Released today: episode #68 of my podcast series “Dan Hill’s EQ Spotlight,” featuring Ella Bell Smith and Stella M. Nkomo discussing Our Separate Ways: Black and White Women and the Struggle for Professional Identity. Click on https://newbooksnetwork.com/category/special-series/dan-hills-eq-spotlight to get to the new episode.

In image of Ella Bell Smith and Stella M. Nkomo and their new book : "Our Separate Ways:Black and White women and the Struggle for Professionla Identity" For Dan Hill's EQ Spotlight podcast episode 68 "Why are We Still Stuck?"

Ella Bell Smith is a professor of business administration at the Tuck School of Business. She’s also the founder and president of ASCENT: Leading Multicultural Women to the Top. Stella M. Nkomo is a professor in the Department of Human Resource Management at the University of Pretoria. She was the founding president of the Africa Academy of Management.

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Dan Hill, PhD, is the president of Sensory Logic, Inc. His latest book, available on Amazon is Blah, Blah, Blah: A Snarky Guide to Office Lingo.

Rip Currents

An image of this question: Which of the 3 categories contributes the most top-10 trends? Is it economic, technological or social?

The correct answer is Economic, twice over. Not only does it provide half of all the top-10 trends or “undercurrents” in Jonathan Brill’s seminal book Rogue Waves, those economic trends also garner the most prominence by laying down the changing landscape (or “seascape”) that companies must navigate to protect and enrich their futures. What goes first? Changing demographics: the cost and availability of a company’s most precious resources: its personnel and its customers. Aging populations, a skilled labor shortage, and accelerating urbanization are the key emerging patterns in that case. Other trends that belong in the Economic category consist of the data economy, automation, the rise of Asia, and cheap money. The technological category encompasses the closing innovation window, and what Brill calls “remixing and convergence” (new combinations of existing technologies). Finally, the Social category addresses digital trust and new social contracts. This week’s new episode dips into several of these top-10 factors; to get to them all, buy Brill’s book!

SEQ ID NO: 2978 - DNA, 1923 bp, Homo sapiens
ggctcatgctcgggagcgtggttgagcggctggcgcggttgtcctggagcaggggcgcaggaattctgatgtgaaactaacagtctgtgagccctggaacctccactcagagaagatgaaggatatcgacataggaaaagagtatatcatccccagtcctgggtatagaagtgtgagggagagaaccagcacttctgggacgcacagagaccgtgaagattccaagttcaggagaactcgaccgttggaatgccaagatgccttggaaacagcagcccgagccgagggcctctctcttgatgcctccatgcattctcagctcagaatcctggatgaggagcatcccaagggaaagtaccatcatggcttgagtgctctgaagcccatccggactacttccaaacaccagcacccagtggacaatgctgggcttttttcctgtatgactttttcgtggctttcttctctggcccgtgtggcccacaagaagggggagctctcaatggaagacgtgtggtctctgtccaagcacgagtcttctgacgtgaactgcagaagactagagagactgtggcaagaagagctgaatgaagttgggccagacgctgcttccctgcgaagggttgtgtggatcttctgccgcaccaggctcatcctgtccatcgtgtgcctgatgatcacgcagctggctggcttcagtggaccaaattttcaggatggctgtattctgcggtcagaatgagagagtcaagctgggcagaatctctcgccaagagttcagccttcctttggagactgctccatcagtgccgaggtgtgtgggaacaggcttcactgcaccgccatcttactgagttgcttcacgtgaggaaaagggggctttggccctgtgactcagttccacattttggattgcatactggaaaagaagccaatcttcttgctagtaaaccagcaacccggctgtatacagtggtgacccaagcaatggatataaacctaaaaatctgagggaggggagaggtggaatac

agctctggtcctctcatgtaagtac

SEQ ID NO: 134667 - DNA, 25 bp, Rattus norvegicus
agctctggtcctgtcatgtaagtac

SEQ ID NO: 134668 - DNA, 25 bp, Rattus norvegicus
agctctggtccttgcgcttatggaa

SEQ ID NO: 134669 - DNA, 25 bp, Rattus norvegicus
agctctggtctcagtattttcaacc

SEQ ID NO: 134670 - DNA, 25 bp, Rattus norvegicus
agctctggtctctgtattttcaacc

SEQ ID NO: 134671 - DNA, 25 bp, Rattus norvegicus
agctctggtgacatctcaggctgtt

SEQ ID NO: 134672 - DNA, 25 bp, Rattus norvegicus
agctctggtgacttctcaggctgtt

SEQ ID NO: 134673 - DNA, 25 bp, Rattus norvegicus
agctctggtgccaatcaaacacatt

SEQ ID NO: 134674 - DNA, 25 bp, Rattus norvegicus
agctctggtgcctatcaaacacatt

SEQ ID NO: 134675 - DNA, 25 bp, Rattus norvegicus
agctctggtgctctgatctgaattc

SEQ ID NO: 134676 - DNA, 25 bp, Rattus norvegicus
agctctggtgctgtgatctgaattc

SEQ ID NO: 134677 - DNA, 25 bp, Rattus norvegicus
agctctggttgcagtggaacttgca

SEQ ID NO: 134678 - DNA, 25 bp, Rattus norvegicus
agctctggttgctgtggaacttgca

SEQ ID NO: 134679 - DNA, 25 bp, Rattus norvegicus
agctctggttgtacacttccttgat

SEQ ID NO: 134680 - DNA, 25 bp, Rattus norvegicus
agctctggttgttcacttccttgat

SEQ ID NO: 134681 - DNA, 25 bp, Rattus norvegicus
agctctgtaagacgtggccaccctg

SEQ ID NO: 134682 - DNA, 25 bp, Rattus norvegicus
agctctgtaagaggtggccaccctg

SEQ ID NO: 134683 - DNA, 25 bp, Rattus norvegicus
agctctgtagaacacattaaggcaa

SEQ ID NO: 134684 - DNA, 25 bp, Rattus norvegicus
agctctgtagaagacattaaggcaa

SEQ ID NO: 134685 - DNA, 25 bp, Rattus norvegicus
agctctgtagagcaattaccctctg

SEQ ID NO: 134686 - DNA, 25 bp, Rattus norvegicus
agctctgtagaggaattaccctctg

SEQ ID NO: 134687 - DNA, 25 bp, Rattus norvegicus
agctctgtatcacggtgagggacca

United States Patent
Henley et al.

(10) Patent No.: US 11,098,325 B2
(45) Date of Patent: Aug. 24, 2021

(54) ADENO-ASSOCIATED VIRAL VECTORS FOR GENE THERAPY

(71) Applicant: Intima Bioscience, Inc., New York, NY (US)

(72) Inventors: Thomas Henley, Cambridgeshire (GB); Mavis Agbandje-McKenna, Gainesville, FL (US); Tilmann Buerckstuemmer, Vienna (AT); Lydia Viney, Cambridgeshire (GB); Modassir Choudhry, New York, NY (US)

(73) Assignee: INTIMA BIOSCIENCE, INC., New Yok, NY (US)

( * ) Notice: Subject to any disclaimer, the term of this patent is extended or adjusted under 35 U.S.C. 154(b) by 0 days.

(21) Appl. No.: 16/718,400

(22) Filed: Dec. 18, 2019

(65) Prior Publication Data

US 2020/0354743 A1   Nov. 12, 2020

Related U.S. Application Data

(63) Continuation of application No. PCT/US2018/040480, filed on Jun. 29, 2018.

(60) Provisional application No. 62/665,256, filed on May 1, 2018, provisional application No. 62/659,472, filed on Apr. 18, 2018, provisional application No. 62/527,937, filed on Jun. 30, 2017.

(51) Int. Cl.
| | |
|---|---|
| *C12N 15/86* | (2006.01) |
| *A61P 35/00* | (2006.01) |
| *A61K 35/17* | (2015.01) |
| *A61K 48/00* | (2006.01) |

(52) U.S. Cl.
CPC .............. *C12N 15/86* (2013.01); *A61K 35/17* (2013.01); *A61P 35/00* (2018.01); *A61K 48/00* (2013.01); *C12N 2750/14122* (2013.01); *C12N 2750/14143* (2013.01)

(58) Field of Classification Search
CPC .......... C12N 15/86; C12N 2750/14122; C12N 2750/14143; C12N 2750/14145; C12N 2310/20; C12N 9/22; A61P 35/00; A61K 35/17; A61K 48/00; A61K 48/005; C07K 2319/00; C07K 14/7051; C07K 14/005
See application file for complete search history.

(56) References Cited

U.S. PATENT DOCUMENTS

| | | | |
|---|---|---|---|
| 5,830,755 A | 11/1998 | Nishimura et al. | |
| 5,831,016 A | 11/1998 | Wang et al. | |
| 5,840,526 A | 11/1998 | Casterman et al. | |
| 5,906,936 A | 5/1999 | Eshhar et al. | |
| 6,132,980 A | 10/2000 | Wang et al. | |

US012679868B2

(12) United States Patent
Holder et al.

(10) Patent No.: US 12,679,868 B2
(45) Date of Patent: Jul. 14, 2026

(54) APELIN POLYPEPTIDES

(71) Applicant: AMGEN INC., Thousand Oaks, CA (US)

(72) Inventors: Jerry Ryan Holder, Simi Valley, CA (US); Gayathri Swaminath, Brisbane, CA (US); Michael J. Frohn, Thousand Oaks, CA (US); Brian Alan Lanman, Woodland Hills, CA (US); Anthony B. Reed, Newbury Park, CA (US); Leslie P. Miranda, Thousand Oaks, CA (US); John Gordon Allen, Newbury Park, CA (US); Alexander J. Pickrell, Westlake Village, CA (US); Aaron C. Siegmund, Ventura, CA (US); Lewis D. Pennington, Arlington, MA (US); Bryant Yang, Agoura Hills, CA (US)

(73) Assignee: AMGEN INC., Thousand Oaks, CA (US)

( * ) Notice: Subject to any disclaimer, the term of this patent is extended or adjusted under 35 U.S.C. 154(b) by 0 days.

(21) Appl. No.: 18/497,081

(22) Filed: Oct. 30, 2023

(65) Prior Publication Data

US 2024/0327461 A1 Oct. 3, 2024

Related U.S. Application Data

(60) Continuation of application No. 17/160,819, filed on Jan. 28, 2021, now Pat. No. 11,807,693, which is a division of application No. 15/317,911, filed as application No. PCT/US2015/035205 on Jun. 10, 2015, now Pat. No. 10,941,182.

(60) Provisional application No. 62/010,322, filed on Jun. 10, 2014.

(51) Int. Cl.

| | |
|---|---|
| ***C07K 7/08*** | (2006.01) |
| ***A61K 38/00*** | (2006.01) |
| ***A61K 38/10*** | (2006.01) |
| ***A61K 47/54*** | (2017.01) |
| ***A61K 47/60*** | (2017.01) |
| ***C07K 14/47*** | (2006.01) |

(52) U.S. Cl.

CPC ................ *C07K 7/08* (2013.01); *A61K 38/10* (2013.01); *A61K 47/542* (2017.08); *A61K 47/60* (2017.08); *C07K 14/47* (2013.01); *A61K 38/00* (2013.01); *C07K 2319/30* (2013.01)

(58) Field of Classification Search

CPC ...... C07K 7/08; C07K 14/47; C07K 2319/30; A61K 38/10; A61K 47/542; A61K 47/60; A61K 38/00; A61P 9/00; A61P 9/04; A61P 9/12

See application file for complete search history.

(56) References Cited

Released today: episode #67 of my podcast series “Dan Hill’s EQ Spotlight,” featuring Jonathan Brill discussing Rogue Waves: Future-Proof Your Business to Survive & Profit from Radical Change. Click on https://newbooksnetwork.com/category/special-series/dan-hills-eq-spotlight to get to the new episode.

Jonathan Brill is the former Global Futurist and Research Director for HP, a board member and advisor to the Chairman at Frost & Sullivan, and the Futurist-in-Residence at Territory Studio. Companies he’s consulted for over the years have generated over $27 billion from new revenue sources.

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Dan Hill, PhD, is the president of Sensory Logic, Inc. His latest book, available on Amazon is Blah, Blah, Blah: A Snarky Guide to Office Lingo.

Emotions Create Habits

In the equation Behavior = Motivation & A_______ & prompt, what does A stand for? What’s your guess? Is it Ability, Aggravation or Absinthe?]

The correct answer to this week’s quiz is A because to change a habit you need to make it easy. Figure out which elements stand in the way, typically either time, money, physical effort, mental effort, or an unproductive routine. Find a weak link in what author BJ Fogg calls the Ability Chain, and you’ve found a way to break-through. Fogg has been in the business of helping people and companies change habits for a decade now and has a wonderful array of terminology and sayings. “Emotions create habits” is one of them. Another is “Decision and habit are opposites.” Still another is “Celebration is habit fertilizer.” Perhaps most important of all is “Simplicity changes behavior.” Give this episode a try, on behalf of making your listening to my podcast series one of your new habits!

Released today: episode #65 of my podcast series “Dan Hill’s EQ Spotlight,” featuring BJ Fogg discussing Tiny Habits: The Small Changes That Change Everything. Click on https://newbooksnetwork.com/category/special-series/dan-hills-eq-spotlight to get to the new episode.

An image of Author BJ Fogg and the front cover of his new book "Tiny Habits: The Small Changes that Change Everything" for Dan Hill's EQ Spotlight newBooks network Podcast episode 65.

BJ Fogg founded the Behavior Design Lab at Stanford University. He teaches industry innovators and created the Tiny Habits Academy to help people around the world. He lives in Northern California and Maui.

Image of NewBooks Network logo and Dan HIll's EQ Spotlight podcast logo

Dan Hill, PhD, is the president of Sensory Logic, Inc. His latest book, available on Amazon is Blah, Blah, Blah: A Snarky Guide to Office Lingo.

Dan Hill, PhD, is the president of Sensory Logic, Inc. His latest book, available on Amazon is Blah, Blah, Blah: A Snarky Guide to Office Lingo.